[whatwg] Proposal: add attributes etags & last-modified to <link> element.

Mike Belshe mike at belshe.com
Mon Sep 20 09:18:32 PDT 2010

2010/9/20 Julian Reschke <julian.reschke at gmx.de>

> On 20.09.2010 17:26, Mike Belshe wrote:
>> ...
>> LINK, in general, allows a server to indicate to a client that it will
>> need a particular resource earlier than the client otherwise would have
>> discovered it.  Today, the LINK header doesn't assist with understanding
> > ...
> Sorry?
> That may be a use case that *could* be implemented using LINK, but it's
> certainly *not* the general use case.
> For instance, it doesn't seem to be true for any of the currently used link
> relations in wide use, such as "icon" or "stylesheet" (there's no "later"
> discovery at all).
> Or are you referring to using the Link *header* in addition to an
> equivalent HTML <LINK>?

Yes, I'm talking about the HTTP header.    Sorry for the confusion.

>  existing cache control mechanics, so if the browser does have the
>> resource in cache but it needs validation, you didn't accomplish what
>> you had hoped with the LINK header - the client is still going to make a
>> costly round-trip.  For savvy content authers, they could, as you
>> suggest, simply modify the content to work with this case.  This
>> effectively restricts the full benefit of LINK to the subset of
>> resources which are static and have long-lived expiry.  That would leave
>> LINK less useful to large swaths of the internet where they do leverage
>> if-modified-since and etags.
> Link relations cover many other use cases than those that you seem to be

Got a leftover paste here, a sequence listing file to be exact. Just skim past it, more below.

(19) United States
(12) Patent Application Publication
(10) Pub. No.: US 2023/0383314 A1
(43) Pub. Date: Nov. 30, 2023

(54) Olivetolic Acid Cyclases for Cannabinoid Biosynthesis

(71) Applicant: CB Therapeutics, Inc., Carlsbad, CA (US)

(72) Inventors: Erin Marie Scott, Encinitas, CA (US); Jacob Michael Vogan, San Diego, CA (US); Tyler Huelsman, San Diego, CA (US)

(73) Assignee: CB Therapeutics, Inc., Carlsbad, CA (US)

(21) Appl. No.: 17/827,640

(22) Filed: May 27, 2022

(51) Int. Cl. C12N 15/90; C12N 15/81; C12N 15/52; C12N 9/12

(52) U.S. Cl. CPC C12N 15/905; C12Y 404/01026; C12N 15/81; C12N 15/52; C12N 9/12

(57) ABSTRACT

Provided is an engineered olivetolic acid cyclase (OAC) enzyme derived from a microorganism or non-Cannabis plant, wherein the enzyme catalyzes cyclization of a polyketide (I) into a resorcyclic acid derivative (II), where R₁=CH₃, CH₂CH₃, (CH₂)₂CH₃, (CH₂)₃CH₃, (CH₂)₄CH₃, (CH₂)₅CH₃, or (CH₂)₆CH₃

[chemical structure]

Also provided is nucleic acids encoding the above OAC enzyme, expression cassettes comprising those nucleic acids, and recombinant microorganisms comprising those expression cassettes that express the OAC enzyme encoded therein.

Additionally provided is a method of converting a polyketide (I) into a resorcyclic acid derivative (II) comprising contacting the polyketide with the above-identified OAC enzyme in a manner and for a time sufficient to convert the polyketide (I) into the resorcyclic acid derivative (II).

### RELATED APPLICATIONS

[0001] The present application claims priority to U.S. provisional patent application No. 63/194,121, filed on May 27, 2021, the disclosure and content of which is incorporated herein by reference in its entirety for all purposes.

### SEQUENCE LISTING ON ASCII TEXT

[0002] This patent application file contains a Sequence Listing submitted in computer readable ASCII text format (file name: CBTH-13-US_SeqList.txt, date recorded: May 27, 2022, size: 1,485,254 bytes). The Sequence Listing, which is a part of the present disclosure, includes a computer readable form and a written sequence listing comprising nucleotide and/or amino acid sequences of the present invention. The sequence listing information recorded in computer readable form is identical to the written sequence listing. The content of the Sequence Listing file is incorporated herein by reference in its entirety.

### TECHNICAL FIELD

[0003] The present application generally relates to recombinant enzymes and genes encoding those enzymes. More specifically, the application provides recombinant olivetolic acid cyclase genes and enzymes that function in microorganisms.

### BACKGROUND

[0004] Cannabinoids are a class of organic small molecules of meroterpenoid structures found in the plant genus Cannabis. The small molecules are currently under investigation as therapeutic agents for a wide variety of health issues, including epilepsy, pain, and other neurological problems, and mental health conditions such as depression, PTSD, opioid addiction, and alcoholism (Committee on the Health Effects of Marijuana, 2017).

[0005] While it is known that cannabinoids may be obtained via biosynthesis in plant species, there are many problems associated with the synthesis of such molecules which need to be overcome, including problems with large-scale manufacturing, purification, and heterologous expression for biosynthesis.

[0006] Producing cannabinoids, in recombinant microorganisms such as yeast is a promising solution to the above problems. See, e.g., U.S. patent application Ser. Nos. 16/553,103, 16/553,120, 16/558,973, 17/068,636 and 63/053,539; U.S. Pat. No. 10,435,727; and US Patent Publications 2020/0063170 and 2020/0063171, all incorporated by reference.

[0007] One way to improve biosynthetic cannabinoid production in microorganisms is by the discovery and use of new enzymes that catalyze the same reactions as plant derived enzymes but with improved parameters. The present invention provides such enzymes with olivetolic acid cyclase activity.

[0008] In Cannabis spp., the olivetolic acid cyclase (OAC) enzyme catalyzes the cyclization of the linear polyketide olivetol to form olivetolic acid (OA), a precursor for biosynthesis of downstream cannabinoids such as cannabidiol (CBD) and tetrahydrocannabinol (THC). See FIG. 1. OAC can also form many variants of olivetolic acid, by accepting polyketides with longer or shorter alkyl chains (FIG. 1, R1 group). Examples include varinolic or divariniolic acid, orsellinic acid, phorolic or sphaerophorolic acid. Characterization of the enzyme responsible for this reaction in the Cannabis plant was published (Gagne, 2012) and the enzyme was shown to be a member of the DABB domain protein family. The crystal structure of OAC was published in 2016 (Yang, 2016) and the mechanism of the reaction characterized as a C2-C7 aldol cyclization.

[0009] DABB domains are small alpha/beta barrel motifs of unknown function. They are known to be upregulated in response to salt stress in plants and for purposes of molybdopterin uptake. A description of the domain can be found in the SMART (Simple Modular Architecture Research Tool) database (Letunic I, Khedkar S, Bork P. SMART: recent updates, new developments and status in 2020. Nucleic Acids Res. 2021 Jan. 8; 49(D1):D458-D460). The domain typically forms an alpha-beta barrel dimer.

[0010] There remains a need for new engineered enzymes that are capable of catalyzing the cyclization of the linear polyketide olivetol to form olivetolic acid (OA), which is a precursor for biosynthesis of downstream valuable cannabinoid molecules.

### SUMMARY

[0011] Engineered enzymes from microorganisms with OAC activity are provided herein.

> considering.
> For resources that change infrequently but at unexpected times, it's
> already possible to get what you want by varying the URI when the resource
> changes (such as putting a timestamp or a revision number into a query
> parameter).

Yeah, I'm thinking of servers that can learn and auto-generate these
headers.  I think you're thinking of content authors plunking this into
their HTML.

The vast majority of HTML is served without consideration of this type of
detail.  And as the web grows, the content author shouldn't be tied up
thinking about them.  The servers can do it better anyway.


>  Rather than ask this question about the LINK header attributes, you
>> could instead aim your question at HTTP - why does HTTP bother with
>> if-modified-since?    But the answer is moot - that decision was made
>> long ago.
> Not sure what you're referring to. If-Modified-Since predates ETags (as far
> as I recall).
>  Given that the web *does* use these basic cache control mechanisms, why
>> *wouldn't* you want the LINK header to be capable of using them too?
>>  :-)  This proposal is actually just making LINK more like the rest of
>> HTTP.
> My main concern is that if we put etags into *HTML* links, we're leaking
> protocol-level information into markup. I think it would be good if we could
> avoid that, and so far I haven't seen any use case that doesn't work
> without.

I don't see anyone realistically doing that either.

I'd be perfectly happy to split these out of the HTML-link to the HTTP-link.
 Maybe its time they be split up.


> Best regards, Julian
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